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Cancer Biology (Cluster)

Programs and Events

Background and History: Cancer biology is a major area of study for students in the DGP and IBiS graduate programs, as well as students in the MSTP program. The Cancer Biology curriculum extends beyond departmental boundaries and across the Evanston and Chicago campuses. Students actively participate in the Cancer Biology Club, mini-symposia (called Nanocourses), and seminars sponsored by the Robert H. Lurie Comprehensive Cancer Center. Every fall, the Cancer Biology Cluster hosts an informational meeting and reception to welcome new students on the Evanston and Chicago campuses interested in learning more about the cluster. Career Development activities are scheduled throughout the year.

How to participate:

Students rotate through laboratories in the first year of graduate school and if a cancer-focused mentor and research project are selected, students have the opportunity to join the Cancer Biology Cluster. Students do not need to be offered a spot on the training grant (see below) to be a part of the Cancer Biology Cluster and associated activities. We encourage students interested in cancer biology to take the introduction to Tumor Cell Biology (TCB) course during their first year. 

The following curriculum and educational enrichment programs are key features of the Cancer Biology Cluster:

Training Grants: Many students in the cancer biology cluster are supported by an NCI-funded T32 “Carcinogenesis” training grant. Students are nominated by their advisor in the summer preceding their second year for appointment in fall of the following year. 

Pre-doctoral Fellowships: Two Cancer Biology Cluster students per year may be awarded pre-doctoral fellowships provided by the Lurie Cancer Center or The Graduate School to perform cancer-related research projects. Students go through the same application process as outlined above.

Travel Awards: Cancer biology students are eligible to apply for travel awards to support attendance at national or international meetings with a cancer or career development focus.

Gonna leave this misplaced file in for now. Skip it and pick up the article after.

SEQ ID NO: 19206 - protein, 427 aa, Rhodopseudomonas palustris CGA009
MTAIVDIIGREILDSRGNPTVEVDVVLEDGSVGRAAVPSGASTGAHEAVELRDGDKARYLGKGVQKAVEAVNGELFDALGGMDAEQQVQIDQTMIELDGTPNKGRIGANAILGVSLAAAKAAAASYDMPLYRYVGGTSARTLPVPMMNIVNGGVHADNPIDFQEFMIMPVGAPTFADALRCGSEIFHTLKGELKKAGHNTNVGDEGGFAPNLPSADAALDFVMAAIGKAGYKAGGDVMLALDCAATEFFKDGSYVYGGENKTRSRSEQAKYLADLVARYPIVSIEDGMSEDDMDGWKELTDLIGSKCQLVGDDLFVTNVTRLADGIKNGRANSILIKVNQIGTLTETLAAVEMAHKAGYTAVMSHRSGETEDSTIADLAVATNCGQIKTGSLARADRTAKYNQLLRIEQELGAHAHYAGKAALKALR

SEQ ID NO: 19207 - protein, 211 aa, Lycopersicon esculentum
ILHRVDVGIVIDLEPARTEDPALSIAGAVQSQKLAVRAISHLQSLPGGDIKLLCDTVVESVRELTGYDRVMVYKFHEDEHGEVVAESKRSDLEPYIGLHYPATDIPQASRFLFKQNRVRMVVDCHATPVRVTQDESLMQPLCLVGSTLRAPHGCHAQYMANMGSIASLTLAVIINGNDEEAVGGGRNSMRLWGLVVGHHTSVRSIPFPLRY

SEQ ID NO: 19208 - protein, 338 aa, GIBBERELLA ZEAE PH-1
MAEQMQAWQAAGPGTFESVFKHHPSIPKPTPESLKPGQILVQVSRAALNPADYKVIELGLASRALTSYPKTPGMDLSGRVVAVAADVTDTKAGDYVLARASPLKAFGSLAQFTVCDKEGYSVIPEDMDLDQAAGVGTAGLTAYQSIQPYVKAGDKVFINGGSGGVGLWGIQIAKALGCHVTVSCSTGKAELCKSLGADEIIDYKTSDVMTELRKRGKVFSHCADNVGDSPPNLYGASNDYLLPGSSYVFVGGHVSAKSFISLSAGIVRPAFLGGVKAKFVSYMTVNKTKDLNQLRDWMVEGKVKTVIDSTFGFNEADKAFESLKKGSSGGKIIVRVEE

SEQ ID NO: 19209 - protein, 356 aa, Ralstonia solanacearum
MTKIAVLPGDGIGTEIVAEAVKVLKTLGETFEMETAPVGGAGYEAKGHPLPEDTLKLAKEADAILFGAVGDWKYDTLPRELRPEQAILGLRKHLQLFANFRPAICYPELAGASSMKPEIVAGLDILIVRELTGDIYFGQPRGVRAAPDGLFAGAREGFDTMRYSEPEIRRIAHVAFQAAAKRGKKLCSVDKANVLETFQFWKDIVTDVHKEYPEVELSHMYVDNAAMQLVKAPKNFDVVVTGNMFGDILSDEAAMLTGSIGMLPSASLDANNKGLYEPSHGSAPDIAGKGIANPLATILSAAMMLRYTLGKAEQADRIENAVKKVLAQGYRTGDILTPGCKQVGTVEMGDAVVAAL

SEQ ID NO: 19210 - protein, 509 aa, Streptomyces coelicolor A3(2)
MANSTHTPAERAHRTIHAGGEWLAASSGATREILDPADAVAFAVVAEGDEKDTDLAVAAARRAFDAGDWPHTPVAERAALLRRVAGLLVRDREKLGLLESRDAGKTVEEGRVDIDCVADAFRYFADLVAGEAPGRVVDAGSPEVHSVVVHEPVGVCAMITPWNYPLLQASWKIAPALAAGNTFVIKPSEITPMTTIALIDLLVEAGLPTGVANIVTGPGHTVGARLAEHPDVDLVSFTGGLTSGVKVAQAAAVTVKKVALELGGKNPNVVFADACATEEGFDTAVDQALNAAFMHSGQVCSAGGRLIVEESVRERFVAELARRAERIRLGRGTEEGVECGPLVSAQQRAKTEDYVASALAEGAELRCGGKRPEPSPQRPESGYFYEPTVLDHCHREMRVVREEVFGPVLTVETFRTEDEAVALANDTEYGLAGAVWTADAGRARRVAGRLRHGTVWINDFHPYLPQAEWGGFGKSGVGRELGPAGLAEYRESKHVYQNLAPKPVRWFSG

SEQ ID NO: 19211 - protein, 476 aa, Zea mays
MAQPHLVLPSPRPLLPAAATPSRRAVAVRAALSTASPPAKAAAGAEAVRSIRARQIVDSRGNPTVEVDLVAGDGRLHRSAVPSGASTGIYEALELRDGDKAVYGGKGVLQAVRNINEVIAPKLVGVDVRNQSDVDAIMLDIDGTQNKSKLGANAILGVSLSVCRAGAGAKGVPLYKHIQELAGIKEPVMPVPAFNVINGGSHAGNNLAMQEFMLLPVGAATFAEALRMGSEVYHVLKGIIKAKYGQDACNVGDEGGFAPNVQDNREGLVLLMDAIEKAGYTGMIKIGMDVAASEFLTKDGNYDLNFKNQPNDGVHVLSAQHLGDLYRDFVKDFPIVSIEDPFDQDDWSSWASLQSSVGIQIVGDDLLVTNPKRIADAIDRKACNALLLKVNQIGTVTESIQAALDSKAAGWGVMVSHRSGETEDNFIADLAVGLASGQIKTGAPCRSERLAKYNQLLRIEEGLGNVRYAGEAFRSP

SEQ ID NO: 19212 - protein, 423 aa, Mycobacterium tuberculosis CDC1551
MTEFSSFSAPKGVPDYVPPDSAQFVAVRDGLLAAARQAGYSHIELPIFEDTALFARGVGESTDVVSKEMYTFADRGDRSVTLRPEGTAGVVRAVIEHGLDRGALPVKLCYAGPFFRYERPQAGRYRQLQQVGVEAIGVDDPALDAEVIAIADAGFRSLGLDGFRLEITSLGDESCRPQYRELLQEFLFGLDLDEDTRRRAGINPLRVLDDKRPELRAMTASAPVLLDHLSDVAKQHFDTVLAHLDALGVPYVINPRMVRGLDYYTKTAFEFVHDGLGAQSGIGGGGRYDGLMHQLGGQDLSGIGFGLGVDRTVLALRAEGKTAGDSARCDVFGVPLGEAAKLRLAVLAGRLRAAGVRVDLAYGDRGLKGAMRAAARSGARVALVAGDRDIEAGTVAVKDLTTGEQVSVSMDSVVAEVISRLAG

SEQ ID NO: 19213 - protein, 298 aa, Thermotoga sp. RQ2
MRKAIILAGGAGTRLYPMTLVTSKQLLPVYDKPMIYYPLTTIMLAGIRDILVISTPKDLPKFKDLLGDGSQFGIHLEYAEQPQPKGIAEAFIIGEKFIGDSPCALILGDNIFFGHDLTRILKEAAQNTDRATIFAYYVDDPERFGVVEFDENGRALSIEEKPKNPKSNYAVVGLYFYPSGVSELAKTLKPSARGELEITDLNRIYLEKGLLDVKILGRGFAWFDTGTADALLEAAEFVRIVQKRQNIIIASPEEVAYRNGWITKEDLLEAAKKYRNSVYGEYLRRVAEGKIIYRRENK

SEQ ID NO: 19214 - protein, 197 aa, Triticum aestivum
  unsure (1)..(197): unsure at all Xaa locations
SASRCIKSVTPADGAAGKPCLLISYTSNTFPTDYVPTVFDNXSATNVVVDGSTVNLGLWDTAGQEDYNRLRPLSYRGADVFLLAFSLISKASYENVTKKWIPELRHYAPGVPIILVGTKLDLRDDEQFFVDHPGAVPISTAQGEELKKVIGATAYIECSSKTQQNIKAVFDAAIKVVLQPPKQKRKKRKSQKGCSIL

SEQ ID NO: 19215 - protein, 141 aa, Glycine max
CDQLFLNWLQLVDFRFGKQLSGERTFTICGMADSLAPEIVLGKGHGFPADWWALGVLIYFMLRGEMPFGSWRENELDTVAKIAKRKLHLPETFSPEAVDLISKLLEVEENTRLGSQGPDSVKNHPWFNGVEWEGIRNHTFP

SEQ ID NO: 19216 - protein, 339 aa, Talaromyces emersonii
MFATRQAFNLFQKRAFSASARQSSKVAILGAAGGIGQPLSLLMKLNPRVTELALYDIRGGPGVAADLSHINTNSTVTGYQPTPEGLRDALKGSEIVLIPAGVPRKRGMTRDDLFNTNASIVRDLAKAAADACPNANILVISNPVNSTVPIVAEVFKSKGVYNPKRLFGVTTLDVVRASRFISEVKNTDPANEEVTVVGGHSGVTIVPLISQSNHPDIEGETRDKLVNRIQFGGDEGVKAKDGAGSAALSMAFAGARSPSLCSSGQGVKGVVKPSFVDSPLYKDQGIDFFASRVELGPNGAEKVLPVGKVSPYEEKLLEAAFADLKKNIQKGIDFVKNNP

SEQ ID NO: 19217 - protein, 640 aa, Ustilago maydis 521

Annual Symposium and Poster Session: Each June, selected graduate students and post-docs are invited to speak in the Annual Cancer Center Symposium. The annual poster session, aimed at allowing students to present their work to other students, post-docs and faculty associated with the Cancer Center, immediately follows the symposium. The best poster presentations will be selected for poster awards.

Journal Clubs and Seminars: All students are encouraged to attend the biweekly Carcinogenesis Journal Club. Attendance is required for all T32 trainees. Students are strongly encouraged to attend the weekly Cancer Center Basic Research Seminar Series, which showcases the research of prominent guest speakers and Northwestern faculty. Students help develop an annual Nanocourse on a “hot topic” in cancer research and have the opportunity to attend career development workshops/seminars throughout the year.

Cancer Biology Research Club: All students participate in a student run Cancer Biology Research Club where students present their work amongst their peers. No faculty are present so students can share ideas and discuss their work in a relaxed and collegial environment.

Student Leadership Opportunities: Students have the opportunity to join leadership of the Cancer Biology Cluster to serve roles such as

  • Student Representative to the Lurie Cancer Center Education Committee
  • Cancer Biology Research Club Director
  • Communications Specialist (maintain listserves, LinkedIn contacts, and distribution of curated announcements about pertinent activities)
  • Recruitment Specialist (create posters for advertising the Cancer Biology Cluster highlighting current student research)
  • Career Development Specialist (help plan and invite speakers from various career paths)
  • Nanocourse Planning Committee Member (help plan and invite speakers for annual Nanocourses)

Who to Contact

Cancer Biology Cluster Directors

Cancer Biology Cluster Student Directors

Applications are open for additional student leaders. Please contact the above students for more information.
  • The Cancer Biology Training Program requires core knowledge of cell biology, molecular biology and genetics, and biochemistry. In addition to core courses in these areas, a foundation course in Tumor Cell Biology (TCB) should be taken in the first year. TCB formally introduces students to the principles of tumor pathology, such as oncogenes and tumor suppressor genes, DNA repair, genomics, tumor invasion and metastasis, and tumor immunology.
  • Advanced readings courses are also offered. For trainees on the T32, the “Mechanisms of Carcinogenesis” course is required. This course provides training in critical evaluation of the literature, development of a grant proposal, and the fundamentals of the peer review system. Each student will work closely with a faculty mentor to write and defend a research proposal.
  • Students in Cancer Biology frequently complete additional elective advanced courses in areas encouraged by their departments and programs such as Pharmacology, Receptors and Effectors, Eukaryotic Cell Biology, Cytoskeleton, Immunology.